Next book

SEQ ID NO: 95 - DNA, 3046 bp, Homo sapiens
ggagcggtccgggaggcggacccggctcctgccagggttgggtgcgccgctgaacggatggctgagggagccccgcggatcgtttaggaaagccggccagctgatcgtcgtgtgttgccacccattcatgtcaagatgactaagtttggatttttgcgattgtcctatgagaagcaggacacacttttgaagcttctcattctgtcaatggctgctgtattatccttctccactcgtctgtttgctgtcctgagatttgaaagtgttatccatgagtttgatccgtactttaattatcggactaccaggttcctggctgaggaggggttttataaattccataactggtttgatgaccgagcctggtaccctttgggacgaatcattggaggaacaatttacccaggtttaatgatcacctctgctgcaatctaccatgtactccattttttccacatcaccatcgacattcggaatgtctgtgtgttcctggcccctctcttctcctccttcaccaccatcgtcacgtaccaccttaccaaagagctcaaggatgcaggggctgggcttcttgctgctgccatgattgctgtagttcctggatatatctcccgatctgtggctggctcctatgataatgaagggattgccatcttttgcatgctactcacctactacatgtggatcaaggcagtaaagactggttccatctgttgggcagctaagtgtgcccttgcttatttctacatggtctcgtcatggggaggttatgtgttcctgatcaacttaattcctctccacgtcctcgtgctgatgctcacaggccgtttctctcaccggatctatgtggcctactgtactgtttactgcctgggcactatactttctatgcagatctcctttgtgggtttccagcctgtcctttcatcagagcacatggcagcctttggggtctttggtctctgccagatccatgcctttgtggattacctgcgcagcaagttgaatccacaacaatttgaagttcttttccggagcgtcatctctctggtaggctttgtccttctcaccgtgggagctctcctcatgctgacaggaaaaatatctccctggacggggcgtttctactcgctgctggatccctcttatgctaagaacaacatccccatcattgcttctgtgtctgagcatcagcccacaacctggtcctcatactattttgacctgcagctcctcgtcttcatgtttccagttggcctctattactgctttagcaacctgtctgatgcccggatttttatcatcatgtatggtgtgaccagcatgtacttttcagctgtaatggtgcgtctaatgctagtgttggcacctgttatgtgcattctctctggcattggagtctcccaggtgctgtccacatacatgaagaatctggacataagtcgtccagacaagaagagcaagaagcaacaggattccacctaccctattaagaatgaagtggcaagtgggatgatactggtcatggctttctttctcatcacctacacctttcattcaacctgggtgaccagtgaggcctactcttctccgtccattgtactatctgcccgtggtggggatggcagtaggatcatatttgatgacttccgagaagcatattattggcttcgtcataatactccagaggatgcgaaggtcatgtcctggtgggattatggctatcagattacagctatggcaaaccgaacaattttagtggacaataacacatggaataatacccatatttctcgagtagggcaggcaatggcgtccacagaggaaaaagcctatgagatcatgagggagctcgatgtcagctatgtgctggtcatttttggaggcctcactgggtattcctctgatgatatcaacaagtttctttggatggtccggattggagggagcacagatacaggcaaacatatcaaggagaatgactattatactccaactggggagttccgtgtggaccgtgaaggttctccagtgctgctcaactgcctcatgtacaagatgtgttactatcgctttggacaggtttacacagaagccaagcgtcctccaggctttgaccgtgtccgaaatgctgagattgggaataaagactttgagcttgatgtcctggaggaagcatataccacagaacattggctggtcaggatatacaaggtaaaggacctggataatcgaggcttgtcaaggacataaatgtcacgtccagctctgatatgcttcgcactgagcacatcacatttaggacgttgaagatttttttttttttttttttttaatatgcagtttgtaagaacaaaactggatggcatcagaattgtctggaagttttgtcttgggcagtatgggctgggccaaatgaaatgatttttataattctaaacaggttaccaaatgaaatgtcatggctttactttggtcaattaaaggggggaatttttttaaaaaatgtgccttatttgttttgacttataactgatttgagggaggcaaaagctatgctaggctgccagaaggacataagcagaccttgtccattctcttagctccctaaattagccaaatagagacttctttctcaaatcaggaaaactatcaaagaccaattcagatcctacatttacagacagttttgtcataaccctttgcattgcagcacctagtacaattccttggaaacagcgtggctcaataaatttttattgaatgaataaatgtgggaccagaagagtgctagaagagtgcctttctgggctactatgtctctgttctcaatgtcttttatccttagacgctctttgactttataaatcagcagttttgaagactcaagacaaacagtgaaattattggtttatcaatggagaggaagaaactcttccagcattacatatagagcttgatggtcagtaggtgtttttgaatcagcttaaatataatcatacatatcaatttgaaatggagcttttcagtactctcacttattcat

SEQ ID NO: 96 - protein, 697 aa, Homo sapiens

A simple, stunning study of the power of respect to forge salutary bonds between unlikely partners. Lawrence-Lightfoot, a professor at the Harvard Graduate School of Education (I—ve Known Rivers: Lives of Loss and Liberation,1994), offers penetrating portraits of six individuals in sundry professions who share the ability to traverse social and economic barriers in reaching others. Lawrence-Lightfoot focuses not only on the extraordinary work that these people do, but on their personal backgrounds and possible motivating factors, as well. Jennifer Dohrn, a nurse-midwife, directs a Childbearing Center that she founded in New York City’s South Bronx. Determined to empower poor women who have been neglected by traditional medicine, Dohrn oversees a staff of seven midwives, along with staffers who serve as liaisons to the community. The key to Dohrn’s success is her admiration and respect for the struggling families she meets daily. And the support that she offers others helps restore her after the painful death of her activist husband, who was killed in Cape Town, South Africa. Just as Dohrn encourages the women with whom she interacts to question authority, Kay Cottle similarly challenges her middle and high school students. Willing to take risks and share personal stories with young people, Cottle successfully forges a bond with them that allows them to share their experiences and insights in return. In her respect for her students, Cottle constantly tries new approaches that “urge students to confront ideas from a variety of perspectives and appeal to a number of senses.” While most of the professionals portrayed came from educated, nurturing backgrounds, there are exceptions. Bill Wallace, an Episcopal priest, pastoral psychotherapist, and AIDS activist, attributes his caring for the disenfranchised to his having grown up in chaos within a distressed family. Replete with a bibliography entitled “Some Roots of Respect” (with source materials as diverse as Shakespeare, Buber, Kant and contemporary therapists on self-esteem), Lawrence-Lightfoot’s elegantly written study enlightens and invigorates. (Author tour)